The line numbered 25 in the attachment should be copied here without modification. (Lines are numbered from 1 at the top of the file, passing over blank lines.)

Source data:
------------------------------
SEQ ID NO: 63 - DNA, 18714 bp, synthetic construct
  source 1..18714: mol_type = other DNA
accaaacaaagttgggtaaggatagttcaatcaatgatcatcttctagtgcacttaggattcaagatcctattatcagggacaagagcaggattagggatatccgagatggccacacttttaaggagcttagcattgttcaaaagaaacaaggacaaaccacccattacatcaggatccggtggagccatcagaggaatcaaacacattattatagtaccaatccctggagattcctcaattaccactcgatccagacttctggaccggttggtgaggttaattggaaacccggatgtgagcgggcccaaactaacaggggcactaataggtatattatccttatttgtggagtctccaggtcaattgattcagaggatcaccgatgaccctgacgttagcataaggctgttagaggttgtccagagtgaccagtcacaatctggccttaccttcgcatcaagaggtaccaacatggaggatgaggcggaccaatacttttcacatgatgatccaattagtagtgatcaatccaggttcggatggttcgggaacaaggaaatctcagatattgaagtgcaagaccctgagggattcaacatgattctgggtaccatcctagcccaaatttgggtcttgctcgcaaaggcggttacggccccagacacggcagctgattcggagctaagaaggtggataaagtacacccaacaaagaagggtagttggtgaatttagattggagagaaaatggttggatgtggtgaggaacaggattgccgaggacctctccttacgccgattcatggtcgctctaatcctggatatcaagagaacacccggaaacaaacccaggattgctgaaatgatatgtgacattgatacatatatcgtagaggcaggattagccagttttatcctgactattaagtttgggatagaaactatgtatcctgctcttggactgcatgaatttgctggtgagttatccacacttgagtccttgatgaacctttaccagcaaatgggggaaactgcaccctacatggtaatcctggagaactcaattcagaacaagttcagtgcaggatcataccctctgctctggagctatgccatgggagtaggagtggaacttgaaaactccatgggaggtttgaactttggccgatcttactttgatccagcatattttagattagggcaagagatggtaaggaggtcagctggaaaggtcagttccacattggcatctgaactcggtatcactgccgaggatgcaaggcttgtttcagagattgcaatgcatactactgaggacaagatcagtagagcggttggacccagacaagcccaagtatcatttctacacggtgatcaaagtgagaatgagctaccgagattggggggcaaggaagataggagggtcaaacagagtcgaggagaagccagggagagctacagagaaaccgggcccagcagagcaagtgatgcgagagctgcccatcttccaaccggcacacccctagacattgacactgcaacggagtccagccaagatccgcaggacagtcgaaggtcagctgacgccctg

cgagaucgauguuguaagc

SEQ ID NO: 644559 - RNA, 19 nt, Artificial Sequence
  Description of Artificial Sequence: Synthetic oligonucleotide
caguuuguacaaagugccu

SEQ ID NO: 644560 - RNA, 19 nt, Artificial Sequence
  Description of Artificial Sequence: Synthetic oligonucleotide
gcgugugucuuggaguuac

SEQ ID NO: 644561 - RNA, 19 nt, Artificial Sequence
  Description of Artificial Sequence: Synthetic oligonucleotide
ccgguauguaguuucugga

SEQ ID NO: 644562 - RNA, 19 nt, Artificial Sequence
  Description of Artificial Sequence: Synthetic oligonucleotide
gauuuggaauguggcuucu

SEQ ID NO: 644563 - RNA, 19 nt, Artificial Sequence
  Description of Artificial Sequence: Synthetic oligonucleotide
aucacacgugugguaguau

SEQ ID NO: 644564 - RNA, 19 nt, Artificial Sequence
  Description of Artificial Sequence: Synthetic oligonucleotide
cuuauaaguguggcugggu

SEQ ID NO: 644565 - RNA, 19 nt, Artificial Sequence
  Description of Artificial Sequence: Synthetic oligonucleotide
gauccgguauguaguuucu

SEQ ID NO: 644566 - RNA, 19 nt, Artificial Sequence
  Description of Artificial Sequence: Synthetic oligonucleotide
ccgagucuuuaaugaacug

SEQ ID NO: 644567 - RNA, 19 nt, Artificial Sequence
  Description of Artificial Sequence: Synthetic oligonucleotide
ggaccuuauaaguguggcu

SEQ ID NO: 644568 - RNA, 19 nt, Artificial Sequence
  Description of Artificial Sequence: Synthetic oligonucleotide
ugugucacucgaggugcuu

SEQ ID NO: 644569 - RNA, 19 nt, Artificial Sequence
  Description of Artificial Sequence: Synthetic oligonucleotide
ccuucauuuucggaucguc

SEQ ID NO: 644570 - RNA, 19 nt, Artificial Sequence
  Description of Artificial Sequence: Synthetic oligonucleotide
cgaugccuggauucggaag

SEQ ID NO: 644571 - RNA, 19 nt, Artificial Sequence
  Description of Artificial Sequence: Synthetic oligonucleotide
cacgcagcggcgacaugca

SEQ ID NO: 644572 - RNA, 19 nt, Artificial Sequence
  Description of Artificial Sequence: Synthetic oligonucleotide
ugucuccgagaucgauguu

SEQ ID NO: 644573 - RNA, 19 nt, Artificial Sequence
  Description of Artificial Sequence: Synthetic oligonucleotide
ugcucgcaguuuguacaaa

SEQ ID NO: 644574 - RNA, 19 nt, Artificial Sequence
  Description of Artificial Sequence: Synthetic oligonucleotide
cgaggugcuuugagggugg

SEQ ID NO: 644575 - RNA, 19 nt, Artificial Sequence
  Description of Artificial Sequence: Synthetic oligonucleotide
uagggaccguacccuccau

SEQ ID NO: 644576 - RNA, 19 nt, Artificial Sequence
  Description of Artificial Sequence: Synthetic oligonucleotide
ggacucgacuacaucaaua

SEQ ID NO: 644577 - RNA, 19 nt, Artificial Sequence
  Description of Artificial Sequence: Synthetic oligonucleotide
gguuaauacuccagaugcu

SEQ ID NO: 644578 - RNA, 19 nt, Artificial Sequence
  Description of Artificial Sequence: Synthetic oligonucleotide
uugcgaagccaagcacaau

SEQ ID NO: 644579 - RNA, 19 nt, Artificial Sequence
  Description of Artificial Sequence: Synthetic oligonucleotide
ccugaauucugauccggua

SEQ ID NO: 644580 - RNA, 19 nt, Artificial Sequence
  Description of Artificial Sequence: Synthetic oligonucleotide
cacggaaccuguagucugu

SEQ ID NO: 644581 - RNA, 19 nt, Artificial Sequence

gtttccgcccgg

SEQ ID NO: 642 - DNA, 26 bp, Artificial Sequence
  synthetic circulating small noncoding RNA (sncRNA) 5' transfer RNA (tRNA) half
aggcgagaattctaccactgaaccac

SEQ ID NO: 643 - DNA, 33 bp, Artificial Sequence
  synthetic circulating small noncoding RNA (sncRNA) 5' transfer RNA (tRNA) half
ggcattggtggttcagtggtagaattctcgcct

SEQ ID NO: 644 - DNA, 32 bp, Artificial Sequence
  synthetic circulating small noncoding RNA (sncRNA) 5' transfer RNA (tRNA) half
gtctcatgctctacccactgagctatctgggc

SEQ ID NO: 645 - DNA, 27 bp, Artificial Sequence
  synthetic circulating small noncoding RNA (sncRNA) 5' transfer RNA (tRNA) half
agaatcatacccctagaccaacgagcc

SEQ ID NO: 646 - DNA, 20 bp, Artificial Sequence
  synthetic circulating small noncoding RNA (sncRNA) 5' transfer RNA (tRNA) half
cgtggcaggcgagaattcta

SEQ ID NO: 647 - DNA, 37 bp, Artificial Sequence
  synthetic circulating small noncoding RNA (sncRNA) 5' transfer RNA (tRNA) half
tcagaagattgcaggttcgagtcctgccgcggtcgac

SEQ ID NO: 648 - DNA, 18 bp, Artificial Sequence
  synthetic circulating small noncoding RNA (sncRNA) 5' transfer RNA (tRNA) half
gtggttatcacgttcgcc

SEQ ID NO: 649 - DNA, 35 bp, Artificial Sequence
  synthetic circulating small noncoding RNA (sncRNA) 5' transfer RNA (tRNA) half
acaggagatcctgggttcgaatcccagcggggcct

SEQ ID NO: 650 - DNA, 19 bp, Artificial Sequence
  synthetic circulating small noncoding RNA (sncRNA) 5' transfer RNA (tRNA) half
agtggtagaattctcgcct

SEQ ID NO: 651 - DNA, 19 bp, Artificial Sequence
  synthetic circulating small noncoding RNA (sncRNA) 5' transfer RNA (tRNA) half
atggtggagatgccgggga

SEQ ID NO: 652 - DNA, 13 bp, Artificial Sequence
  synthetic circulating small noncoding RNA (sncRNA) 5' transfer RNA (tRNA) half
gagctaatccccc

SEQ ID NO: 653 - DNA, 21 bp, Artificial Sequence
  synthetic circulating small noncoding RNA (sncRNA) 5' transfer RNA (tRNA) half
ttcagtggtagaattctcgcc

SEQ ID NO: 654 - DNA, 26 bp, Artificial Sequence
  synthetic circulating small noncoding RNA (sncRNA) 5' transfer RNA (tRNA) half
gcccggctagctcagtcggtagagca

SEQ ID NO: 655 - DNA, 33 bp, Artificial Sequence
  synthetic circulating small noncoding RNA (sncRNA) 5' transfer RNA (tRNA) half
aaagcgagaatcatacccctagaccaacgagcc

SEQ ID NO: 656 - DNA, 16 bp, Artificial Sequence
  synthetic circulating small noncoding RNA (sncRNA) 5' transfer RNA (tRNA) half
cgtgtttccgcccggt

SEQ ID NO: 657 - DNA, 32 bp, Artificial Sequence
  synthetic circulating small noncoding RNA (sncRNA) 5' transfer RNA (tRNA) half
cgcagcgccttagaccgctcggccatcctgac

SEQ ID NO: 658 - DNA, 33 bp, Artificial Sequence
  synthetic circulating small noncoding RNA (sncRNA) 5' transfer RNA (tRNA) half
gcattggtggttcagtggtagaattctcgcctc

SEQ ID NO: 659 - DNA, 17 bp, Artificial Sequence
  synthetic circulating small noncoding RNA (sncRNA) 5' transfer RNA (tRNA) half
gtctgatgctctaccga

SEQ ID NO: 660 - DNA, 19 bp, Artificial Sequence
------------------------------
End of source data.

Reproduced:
gauccgguauguaguuucu